Summer Outdoor Retailer 2008: Heaven For Gearheads
The BACKPACKER team heads out in force to cover the biggest industry show in the nation.
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Twice a year, the entire outdoor industry—the makers of gear and sellers of gear, plus assorted Public Relations companies, magazine editors, and gear wonks—gathers in Salt Lake City for a four-day tradeshow called Outdoor Retailer.
Hundreds of companies. Thousands of new products.
It’s a chance to see tomorrow’s designs today, and to see all of the outdoor industry’s best equipment—from tents and packs to soft shells and kayaks—gathered under one extremely large roof.
Our job is to see it all as we search for next year’s best gear. It’s grueling, it’s chaotic, it’s business, and it’s also, well, pretty damn fun.
As Steve Howe, our Rocky Mountain editor and author of the Backpacker.com blog, The Pulse says, “I approach the show like I’d approach the scene of a famous catastrophe, with a combination of pilgrimage, awe, and dread.”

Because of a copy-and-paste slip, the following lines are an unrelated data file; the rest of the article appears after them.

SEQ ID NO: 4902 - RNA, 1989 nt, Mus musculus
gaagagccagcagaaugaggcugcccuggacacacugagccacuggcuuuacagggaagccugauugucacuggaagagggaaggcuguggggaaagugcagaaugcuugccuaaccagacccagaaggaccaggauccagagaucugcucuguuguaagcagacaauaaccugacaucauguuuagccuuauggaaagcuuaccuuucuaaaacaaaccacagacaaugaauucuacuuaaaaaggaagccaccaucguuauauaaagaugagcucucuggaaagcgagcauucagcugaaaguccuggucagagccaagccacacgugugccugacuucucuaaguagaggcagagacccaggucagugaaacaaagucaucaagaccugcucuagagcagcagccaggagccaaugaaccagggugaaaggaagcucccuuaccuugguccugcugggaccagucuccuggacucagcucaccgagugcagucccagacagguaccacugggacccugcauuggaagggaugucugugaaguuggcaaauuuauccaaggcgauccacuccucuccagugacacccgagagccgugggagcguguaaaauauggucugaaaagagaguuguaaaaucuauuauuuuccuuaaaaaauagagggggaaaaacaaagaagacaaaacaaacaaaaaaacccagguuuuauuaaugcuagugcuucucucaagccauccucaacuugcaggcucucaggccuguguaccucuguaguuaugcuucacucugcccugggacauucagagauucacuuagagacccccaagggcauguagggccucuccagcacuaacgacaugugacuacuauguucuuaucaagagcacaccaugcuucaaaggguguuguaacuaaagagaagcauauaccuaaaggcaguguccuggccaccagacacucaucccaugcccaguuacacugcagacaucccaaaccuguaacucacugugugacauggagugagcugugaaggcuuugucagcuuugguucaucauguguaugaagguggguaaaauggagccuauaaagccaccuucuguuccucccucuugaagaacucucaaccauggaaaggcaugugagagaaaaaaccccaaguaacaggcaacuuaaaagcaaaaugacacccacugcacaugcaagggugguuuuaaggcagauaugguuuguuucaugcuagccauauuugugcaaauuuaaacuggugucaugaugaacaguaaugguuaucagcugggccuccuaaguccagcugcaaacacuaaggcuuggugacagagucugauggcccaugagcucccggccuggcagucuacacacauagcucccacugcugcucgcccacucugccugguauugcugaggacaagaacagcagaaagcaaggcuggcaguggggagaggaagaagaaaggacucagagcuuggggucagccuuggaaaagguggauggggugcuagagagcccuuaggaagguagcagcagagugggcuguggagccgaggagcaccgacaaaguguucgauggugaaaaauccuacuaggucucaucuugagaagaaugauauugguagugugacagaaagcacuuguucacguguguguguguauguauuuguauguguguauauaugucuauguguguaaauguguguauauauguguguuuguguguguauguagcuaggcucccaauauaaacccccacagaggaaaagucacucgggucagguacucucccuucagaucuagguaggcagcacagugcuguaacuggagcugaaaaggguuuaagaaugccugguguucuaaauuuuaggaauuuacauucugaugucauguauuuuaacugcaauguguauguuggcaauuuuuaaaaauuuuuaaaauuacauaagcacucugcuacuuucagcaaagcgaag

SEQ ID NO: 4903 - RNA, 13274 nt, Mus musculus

This week at the Outdoor Retailer Summer show, manufacturers unveil their new products for Spring 2009. And BACKPACKER will be there to find the coolest new stuff and get it into the field for testing for our 2009 Gear Guide. We’ll blog daily from the show to give you a sneak peek at the best of what’s coming next year. But first, we’ll dispel a few myths about working the tradeshow as a BACKPACKER gear tester:
Free gear ain’t all it’s cracked up to be.
Exhibits A through D: a lightning detector that didn’t detect; a sock with zippered pocket that gave us ankle blisters; a jacket with “retractable” insulation; and, no kidding, a very bright orange fleece thong. And note to stove makers: we don’t care how hot it burns if it can’t hold a pot.
2) It’s work! We swear! During the show our crew of eight editors and testers will log an expedition’s worth of miles on the floor of the Salt Palace convention center. We already have more than 200 appointments scheduled with gear manufacturers, and the list keeps growing. (OK, we also have 35 parties scheduled—it’s not all work.)
3) Tradeshows are boring: That may be true at, say, a kitchenware convention, but we’ve seen enough weirdness at Outdoor Retailer to know better. From drag shows to uphill-treadmill competitions to a trail-running race in which runners carried couch pieces, we’ve seen a few surprises over the years.
Stay tuned, and we’ll keep you posted on this year’s best new gear, brilliant innovations, and the just plain bizarre.